Nicole M. Young, MSW
For some kids, the new school year is an exciting time — seeing old friends, making new ones, showing off cool clothes, joining sports or clubs, or enjoying new classes and teachers. For other kids, the transition between summer and school sparks difficult feelings, like fear, anxiety, or depression. And for many, it’s all of that and everything in between.
Our family had a great summer – lots of fun together and less stress and pressure. When school started, I expected grumpiness about getting up early and homework, but my 14-year-old seems much more distressed than usual. They don’t want to talk about it and get mad when I ask if they’re upset. Should we give them space to figure things out, or should we be worried? Sam
Any time there’s a noticeable change in your child’s (or anyone’s) mood and behavior, it makes sense to be concerned and want to understand what’s going on. The Centers for Disease Control and Prevention (CDC), American Academy of Pediatrics (AAP), and the Surgeon General have been warning of increases in mental health issues among teens and tweens (and some younger children), such as anxiety, sadness, and feelings of hopelessness that can lead to issues like drug and alcohol use, eating disorders, or thoughts of suicide.
As parents and caring adults, we can do our best to provide a safe and supportive environment, model good self-care, and seek help. Here are some tips to try:
Keep the lines of communication open. Sometimes, kids just need parents and other adults to listen without judging or trying to solve their problems. If your child doesn’t want to talk, remind them you’re always there if they want to share what’s on their mind in a face-to-face conversation, text, letter, or other method. If they’d be more comfortable talking to someone else—a teacher, counselor, or relative—help them take that step (and don’t take it personally!).
Discuss screen time. Many kids (and adults) are spending more time on phones and other screens than ever before. Technology and social media can be a source of connection and learning. They can also cause social pressure, leading to self-criticism and negativity when a young person believes their life and appearance don’t measure up to the unattainable perfection they see online. More screen time also means less time for health-boosting activities, like being outdoors, being with friends, or sleeping.
Have a family conversation about screen time and social media use. Create or renew agreements that everyone (kids and adults) will follow, like putting devices away during meals and at bedtime (instead of sleeping with phones under the pillow). Talk with your child about how they feel after spending time online. Are there particular activities, sites, or times of day that affect their mood for better or worse?
Encourage healthy habits and realistic expectations. Quality sleep, balanced nutrition, physical activity, mindfulness practices, experiencing nature, mental healthcare, and supportive relationships are scientifically proven “stress busters” that improve physical and mental wellness. If there’s a particular source of anxiety or stress, such as competitive sports or advanced classes, talk about options for dialing back the pressure. Reassure your child it’s not a failure if they take a break or lighten their workload. Remember these tips apply to parents and caregivers, too!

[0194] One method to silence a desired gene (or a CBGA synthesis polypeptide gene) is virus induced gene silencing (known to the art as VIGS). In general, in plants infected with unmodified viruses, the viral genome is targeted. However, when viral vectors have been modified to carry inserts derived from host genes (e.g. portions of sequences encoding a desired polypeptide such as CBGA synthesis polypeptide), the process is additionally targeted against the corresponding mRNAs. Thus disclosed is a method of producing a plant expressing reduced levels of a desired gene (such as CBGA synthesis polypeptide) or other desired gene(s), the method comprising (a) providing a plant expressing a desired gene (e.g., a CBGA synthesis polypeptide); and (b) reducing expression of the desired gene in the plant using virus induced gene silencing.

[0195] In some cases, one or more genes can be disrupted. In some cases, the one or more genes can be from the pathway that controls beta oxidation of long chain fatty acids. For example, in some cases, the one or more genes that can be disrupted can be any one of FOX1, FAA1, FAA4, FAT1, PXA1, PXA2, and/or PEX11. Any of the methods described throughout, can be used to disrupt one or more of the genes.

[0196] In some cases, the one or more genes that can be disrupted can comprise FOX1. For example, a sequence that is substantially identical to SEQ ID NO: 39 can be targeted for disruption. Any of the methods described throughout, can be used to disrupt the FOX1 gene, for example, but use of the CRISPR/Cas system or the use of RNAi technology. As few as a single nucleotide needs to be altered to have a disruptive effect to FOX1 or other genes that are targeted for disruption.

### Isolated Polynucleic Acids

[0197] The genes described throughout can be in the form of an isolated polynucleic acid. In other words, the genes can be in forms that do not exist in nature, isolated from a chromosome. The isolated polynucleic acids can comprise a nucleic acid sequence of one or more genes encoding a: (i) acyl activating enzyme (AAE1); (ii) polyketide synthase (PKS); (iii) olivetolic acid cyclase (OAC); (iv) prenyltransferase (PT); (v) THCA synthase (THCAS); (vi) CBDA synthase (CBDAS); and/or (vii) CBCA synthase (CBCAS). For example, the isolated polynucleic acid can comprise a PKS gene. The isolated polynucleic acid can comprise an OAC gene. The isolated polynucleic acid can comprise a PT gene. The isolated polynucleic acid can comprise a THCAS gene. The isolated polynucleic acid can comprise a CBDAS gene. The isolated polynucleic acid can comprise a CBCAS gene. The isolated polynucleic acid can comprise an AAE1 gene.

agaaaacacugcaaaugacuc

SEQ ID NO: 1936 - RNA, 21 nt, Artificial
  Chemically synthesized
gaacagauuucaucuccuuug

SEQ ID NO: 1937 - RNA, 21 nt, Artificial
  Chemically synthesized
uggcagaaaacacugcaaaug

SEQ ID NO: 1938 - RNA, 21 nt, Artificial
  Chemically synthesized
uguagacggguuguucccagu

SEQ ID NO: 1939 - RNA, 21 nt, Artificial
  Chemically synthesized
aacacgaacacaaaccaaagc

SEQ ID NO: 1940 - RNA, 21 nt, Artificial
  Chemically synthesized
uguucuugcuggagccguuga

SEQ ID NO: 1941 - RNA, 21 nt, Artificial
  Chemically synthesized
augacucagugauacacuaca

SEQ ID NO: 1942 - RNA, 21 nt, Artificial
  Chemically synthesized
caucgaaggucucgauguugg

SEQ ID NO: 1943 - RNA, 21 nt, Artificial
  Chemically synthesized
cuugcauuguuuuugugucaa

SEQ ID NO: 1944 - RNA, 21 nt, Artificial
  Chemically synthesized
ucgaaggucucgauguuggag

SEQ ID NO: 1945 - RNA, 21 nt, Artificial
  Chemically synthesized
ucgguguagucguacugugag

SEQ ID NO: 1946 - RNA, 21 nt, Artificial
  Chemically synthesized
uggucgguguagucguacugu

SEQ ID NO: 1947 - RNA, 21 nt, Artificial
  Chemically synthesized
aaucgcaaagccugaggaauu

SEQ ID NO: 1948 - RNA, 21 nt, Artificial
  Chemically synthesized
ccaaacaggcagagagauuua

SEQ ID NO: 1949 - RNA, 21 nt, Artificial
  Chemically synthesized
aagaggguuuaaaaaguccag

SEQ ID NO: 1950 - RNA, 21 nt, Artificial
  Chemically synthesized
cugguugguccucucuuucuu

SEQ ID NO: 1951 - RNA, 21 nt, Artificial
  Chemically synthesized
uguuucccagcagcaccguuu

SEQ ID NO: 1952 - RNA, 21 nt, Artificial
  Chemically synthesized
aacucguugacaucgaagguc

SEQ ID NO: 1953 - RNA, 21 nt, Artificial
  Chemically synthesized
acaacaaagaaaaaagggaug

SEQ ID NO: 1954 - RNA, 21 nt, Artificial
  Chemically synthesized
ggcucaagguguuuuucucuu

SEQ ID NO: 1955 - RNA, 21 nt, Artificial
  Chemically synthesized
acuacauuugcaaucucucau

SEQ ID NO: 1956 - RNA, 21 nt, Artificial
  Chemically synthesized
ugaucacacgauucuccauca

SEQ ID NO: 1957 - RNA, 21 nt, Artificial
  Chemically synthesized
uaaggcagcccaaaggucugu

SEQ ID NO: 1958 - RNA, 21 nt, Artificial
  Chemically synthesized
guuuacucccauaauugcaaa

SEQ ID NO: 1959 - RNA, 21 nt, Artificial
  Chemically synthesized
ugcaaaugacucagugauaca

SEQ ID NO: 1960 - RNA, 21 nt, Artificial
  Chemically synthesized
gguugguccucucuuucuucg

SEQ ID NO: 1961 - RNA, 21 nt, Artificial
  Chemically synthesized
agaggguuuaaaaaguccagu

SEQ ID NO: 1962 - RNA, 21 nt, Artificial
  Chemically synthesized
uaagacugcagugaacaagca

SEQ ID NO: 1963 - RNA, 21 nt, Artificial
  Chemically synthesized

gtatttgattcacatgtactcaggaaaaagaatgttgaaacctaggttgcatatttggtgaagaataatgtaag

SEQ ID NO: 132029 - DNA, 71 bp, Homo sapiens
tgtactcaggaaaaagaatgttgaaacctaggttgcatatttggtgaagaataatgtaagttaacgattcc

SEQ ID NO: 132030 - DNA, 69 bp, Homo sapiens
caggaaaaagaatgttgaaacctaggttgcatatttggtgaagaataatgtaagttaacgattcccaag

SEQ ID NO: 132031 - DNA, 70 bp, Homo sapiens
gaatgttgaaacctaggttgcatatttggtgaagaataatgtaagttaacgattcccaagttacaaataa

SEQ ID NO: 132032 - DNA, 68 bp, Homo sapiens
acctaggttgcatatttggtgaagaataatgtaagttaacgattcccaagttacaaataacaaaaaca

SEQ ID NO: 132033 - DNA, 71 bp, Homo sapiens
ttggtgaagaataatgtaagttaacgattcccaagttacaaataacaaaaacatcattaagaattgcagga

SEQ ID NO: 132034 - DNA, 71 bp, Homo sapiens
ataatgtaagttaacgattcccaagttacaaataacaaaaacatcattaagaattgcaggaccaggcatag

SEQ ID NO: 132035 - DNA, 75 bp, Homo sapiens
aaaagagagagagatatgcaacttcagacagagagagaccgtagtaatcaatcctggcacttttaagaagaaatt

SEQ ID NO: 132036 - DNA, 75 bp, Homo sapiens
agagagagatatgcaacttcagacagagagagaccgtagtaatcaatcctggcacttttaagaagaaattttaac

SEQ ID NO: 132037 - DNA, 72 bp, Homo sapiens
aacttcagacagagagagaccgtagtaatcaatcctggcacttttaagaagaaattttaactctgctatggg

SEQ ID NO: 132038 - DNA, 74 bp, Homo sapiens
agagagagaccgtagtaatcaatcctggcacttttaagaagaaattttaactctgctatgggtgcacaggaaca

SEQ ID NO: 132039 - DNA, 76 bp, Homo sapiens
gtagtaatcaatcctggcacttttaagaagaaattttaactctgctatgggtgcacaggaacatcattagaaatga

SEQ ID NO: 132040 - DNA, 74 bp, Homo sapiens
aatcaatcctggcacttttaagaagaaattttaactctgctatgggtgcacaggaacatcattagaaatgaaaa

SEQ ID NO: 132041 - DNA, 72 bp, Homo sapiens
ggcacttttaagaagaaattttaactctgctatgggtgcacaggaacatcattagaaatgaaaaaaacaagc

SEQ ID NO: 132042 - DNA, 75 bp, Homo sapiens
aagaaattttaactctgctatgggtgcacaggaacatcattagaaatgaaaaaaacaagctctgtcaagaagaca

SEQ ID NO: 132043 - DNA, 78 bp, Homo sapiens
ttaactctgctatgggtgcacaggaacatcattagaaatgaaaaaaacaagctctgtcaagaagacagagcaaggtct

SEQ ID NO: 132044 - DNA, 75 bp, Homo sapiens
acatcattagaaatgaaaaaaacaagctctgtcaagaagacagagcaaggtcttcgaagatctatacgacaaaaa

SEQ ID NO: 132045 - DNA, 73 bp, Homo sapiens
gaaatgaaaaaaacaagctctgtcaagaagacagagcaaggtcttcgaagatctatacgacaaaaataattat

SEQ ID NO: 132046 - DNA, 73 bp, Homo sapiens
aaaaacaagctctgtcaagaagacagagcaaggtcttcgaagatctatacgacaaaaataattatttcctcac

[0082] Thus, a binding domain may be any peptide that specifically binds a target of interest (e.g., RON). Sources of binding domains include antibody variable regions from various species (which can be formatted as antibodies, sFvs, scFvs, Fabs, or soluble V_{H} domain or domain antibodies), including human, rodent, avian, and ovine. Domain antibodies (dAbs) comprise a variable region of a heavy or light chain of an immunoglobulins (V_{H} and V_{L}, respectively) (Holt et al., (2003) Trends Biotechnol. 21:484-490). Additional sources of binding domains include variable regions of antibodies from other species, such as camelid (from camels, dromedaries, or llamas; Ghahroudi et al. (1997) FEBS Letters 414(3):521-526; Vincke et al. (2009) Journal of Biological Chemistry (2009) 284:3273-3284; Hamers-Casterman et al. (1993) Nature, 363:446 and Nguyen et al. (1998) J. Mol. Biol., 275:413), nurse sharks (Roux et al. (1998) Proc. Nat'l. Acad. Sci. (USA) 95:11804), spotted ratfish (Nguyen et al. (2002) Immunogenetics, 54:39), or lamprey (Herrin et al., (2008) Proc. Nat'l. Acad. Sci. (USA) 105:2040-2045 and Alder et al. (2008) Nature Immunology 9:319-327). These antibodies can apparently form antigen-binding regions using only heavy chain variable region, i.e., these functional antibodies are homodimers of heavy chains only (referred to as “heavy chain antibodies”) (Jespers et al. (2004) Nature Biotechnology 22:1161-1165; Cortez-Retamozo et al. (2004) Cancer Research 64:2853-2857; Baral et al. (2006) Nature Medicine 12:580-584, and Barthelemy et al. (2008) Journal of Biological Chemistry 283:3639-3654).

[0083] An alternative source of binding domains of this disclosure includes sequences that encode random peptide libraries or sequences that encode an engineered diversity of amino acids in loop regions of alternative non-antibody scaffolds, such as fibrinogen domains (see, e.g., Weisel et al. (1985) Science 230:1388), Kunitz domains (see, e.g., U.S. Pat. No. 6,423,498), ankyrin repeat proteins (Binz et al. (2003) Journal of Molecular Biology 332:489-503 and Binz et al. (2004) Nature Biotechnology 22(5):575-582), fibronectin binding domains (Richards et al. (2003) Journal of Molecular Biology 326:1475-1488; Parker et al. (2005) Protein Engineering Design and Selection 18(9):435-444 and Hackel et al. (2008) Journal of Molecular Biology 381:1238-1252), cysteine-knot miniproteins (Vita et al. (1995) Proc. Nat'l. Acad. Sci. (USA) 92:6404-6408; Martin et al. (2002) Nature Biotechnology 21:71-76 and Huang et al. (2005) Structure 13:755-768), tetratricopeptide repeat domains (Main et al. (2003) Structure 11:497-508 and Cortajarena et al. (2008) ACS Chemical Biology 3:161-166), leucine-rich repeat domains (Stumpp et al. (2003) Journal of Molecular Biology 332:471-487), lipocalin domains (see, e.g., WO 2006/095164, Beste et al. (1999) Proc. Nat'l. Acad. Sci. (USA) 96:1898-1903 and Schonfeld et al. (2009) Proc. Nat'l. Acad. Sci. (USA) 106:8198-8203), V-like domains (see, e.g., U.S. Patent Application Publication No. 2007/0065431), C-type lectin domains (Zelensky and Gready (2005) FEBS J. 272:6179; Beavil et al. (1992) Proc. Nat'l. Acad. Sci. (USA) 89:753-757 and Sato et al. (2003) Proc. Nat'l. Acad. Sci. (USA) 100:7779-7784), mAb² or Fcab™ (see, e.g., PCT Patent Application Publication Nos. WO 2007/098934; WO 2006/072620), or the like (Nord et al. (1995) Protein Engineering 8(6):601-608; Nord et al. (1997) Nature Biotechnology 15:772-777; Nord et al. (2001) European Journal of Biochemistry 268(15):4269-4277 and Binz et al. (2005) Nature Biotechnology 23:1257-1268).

Seek support. Seeking help for mental health concerns is a sign of strength, not weakness, just like seeking medical help for an injury or physical illness. Call 2-1-1 to find local resources or ask your health care provider to help connect you to someone experienced in child and youth behavioral health issues. Many health clinics, schools, and community-based agencies offer counseling for children and youth, in addition to private therapists.
Seek help immediately if your child talks about or attempts self-harm or suicide, has lost interest in activities, or expresses extreme anger and violence. Call 9-8-8, the new national emergency number, for suicide prevention or a crisis response.
FINAL THOUGHTS: It can feel so helpless to watch a child suffer, whether it’s from temporary anxiety and sadness or more profound despair and hopelessness. Seeking help is always a good idea if you’re worried, and modeling help-seeking, self-care, and other healthy behaviors is one of the best things you can do.
This monthly column provides tips for anyone who’s raising children, based on the world-renowned Triple P – Positive Parenting Program, available to families in Santa Cruz County. If you have a question or idea for a future column, email me at firstname.lastname@example.org.
Nicole Young is the mother of two children, ages 18 and 22, who also manages Santa Cruz County’s Triple P – Positive Parenting Program, the world’s leading positive parenting program. Scientifically proven, Triple P is made available locally by First 5 Santa Cruz County, the Santa Cruz County Health Services Agency (Mental Health Services Act) and the Santa Cruz County Human Services Department. To find a Triple P parenting class or practitioner, visit http://triplep.first5scc.org, http://www.facebook.com/triplepscc or contact First 5 Santa Cruz County at 465-2217 or email@example.com.